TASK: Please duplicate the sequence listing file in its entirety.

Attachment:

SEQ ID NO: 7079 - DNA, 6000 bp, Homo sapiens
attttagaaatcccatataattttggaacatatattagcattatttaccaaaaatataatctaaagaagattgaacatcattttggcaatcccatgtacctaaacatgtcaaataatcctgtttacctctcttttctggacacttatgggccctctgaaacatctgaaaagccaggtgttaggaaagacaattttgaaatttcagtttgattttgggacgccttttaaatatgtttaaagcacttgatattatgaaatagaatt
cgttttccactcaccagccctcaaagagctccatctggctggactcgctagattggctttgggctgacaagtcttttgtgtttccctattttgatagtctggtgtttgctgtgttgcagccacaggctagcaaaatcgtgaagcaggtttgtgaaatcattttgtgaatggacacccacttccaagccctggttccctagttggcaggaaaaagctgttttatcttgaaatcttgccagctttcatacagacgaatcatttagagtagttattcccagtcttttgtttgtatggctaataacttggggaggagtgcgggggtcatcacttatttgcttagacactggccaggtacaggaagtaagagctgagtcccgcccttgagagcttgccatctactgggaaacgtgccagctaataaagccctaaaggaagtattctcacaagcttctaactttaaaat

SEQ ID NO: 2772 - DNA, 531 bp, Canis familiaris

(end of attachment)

SEQ ID NO: 7079 - DNA, 6000 bp, Homo sapiens
attttagaaatcccatataattttggaacatatattagcattatttaccaaaaatataatctaaagaagattgaacatcattttggcaatcccatgtacctaaacatgtcaaataatcctgtttacctctcttttctggacacttatgggccctctgaaacatctgaaaagccaggtgttaggaaagacaattttgaaatttcagtttgattttgggacgccttttaaatatgtttaaagcacttgatattatgaaatagaatt
cgttttccactcaccagccctcaaagagctccatctggctggactcgctagattggctttgggctgacaagtcttttgtgtttccctattttgatagtctggtgtttgctgtgttgcagccacaggctagcaaaatcgtgaagcaggtttgtgaaatcattttgtgaatggacacccacttccaagccctggttccctagttggcaggaaaaagctgttttatcttgaaatcttgccagctttcatacagacgaatcatttagagtagttattcccagtcttttgtttgtatggctaataacttggggaggagtgcgggggtcatcacttatttgcttagacactggccaggtacaggaagtaagagctgagtcccgcccttgagagcttgccatctactgggaaacgtgccagctaataaagccctaaaggaagtattctcacaagcttctaactttaaaat

SEQ ID NO: 2772 - DNA, 531 bp, Canis familiaris